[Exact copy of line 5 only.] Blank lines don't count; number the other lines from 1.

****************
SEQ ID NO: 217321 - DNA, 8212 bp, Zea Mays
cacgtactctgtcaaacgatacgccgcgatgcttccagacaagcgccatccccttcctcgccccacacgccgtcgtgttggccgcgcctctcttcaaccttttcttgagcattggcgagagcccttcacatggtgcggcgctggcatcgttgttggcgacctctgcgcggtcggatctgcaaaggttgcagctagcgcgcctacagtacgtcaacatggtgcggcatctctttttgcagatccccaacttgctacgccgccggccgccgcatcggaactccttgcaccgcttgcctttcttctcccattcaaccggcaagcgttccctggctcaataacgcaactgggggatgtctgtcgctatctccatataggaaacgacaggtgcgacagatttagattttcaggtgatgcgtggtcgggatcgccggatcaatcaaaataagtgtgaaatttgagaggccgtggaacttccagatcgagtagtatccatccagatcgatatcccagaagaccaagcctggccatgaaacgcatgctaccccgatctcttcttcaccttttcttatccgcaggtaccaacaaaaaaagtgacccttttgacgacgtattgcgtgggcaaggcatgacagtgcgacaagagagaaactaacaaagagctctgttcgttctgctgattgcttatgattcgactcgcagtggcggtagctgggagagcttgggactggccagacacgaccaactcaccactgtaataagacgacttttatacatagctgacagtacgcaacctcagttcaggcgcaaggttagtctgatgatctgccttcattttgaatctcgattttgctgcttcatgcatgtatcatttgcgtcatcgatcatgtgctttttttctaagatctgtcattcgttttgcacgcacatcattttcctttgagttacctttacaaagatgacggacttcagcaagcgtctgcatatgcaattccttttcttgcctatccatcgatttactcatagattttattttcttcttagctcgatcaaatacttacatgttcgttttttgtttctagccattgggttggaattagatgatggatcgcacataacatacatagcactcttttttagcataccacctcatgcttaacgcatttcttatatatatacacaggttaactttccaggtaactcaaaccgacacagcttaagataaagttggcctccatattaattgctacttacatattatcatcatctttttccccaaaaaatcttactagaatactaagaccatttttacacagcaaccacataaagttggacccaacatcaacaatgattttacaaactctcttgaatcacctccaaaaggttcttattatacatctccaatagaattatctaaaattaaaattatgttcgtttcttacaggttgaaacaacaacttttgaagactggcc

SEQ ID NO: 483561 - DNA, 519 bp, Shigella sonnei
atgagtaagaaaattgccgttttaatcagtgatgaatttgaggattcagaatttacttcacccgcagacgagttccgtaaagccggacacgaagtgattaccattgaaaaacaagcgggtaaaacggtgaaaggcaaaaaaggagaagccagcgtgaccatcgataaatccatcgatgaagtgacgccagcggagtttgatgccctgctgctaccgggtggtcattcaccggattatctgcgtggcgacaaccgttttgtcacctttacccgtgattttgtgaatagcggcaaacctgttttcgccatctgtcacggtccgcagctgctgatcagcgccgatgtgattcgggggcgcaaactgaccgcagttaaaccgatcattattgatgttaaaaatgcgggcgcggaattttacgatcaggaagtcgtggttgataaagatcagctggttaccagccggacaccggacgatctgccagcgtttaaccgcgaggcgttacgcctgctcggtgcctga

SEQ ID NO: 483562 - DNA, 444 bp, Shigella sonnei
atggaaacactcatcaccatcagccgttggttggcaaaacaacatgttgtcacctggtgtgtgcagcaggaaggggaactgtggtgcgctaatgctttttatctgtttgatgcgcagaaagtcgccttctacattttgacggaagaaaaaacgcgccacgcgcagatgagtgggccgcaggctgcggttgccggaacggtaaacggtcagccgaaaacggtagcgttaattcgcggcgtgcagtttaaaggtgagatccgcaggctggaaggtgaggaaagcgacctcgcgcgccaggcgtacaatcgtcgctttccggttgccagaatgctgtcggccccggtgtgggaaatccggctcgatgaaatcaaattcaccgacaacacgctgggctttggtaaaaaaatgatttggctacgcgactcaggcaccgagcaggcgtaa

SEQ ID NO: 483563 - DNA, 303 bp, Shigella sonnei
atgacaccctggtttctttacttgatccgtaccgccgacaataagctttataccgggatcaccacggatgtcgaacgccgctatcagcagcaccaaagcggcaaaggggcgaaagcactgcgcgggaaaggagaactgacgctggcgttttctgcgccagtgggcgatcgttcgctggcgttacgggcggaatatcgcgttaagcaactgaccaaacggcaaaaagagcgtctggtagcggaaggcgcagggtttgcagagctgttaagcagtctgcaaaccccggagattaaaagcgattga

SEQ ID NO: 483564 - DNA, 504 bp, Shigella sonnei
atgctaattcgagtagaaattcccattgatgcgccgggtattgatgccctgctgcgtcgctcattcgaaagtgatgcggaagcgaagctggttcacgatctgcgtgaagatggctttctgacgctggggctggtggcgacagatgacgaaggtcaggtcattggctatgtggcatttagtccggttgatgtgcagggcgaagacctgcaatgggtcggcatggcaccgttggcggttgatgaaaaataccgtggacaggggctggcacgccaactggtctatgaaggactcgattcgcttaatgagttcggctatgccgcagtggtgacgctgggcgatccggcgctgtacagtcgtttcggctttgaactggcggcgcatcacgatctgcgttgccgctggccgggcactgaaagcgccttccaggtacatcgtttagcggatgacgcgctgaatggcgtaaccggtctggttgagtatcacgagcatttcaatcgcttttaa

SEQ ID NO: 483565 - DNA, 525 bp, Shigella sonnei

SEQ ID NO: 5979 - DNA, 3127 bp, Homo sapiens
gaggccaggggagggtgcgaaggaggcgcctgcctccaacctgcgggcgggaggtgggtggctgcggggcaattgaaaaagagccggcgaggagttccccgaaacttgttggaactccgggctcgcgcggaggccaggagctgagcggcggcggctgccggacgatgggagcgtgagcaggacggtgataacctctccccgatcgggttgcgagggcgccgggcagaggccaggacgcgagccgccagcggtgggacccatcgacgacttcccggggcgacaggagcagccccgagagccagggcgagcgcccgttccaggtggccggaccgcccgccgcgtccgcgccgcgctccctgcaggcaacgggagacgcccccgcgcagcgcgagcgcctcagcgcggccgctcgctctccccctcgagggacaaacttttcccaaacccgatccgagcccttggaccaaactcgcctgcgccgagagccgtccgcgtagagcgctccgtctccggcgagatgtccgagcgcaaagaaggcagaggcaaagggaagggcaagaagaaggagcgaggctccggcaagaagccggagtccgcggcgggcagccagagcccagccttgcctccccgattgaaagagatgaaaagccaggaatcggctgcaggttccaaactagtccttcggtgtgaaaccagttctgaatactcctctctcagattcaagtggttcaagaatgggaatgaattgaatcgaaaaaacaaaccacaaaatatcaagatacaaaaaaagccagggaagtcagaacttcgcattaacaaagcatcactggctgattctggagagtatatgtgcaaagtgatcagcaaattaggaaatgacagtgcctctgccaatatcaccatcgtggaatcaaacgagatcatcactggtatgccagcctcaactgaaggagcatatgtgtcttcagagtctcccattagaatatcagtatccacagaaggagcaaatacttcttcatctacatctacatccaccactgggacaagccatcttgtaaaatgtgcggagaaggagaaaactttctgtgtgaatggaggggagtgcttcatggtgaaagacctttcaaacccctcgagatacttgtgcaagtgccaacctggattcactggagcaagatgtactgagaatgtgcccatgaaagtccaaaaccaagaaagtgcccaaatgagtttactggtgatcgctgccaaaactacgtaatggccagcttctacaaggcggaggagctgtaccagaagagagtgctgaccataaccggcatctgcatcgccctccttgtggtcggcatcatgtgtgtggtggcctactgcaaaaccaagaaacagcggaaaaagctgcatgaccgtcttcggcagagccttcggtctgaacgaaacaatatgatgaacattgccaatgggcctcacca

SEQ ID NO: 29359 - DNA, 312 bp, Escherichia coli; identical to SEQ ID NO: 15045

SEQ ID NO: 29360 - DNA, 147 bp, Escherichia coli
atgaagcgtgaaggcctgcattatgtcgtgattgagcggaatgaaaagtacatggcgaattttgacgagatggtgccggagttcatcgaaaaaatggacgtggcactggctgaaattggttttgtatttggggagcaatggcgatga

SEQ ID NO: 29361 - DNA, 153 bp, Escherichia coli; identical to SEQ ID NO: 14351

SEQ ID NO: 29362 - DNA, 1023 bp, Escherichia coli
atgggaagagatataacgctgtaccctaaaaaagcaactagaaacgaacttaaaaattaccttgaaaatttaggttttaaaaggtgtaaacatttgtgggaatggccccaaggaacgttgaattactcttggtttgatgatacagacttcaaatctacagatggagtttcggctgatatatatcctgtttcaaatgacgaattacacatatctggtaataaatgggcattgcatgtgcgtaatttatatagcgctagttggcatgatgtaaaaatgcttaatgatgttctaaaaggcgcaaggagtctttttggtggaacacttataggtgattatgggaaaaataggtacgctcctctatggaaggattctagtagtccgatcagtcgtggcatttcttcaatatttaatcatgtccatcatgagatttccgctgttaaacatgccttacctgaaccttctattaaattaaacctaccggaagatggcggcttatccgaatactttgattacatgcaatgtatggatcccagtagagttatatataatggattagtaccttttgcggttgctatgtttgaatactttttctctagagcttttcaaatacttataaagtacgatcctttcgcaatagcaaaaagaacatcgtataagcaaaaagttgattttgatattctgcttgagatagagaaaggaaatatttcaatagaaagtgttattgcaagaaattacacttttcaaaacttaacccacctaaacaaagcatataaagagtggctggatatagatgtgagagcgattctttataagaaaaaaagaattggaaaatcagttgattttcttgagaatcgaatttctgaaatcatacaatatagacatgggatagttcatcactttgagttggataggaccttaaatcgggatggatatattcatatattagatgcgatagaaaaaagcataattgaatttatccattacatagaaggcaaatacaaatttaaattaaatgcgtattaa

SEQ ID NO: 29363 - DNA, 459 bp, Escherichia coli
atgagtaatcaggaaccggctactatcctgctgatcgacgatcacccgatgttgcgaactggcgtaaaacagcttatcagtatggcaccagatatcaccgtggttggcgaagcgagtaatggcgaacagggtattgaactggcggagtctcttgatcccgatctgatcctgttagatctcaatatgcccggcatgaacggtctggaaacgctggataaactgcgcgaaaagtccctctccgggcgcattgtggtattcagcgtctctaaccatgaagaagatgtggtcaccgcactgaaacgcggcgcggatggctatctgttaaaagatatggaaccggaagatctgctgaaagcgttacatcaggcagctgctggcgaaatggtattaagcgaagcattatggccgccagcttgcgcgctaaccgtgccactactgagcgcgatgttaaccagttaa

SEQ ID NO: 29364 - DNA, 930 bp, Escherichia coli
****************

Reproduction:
SEQ ID NO: 483562 - DNA, 444 bp, Shigella sonnei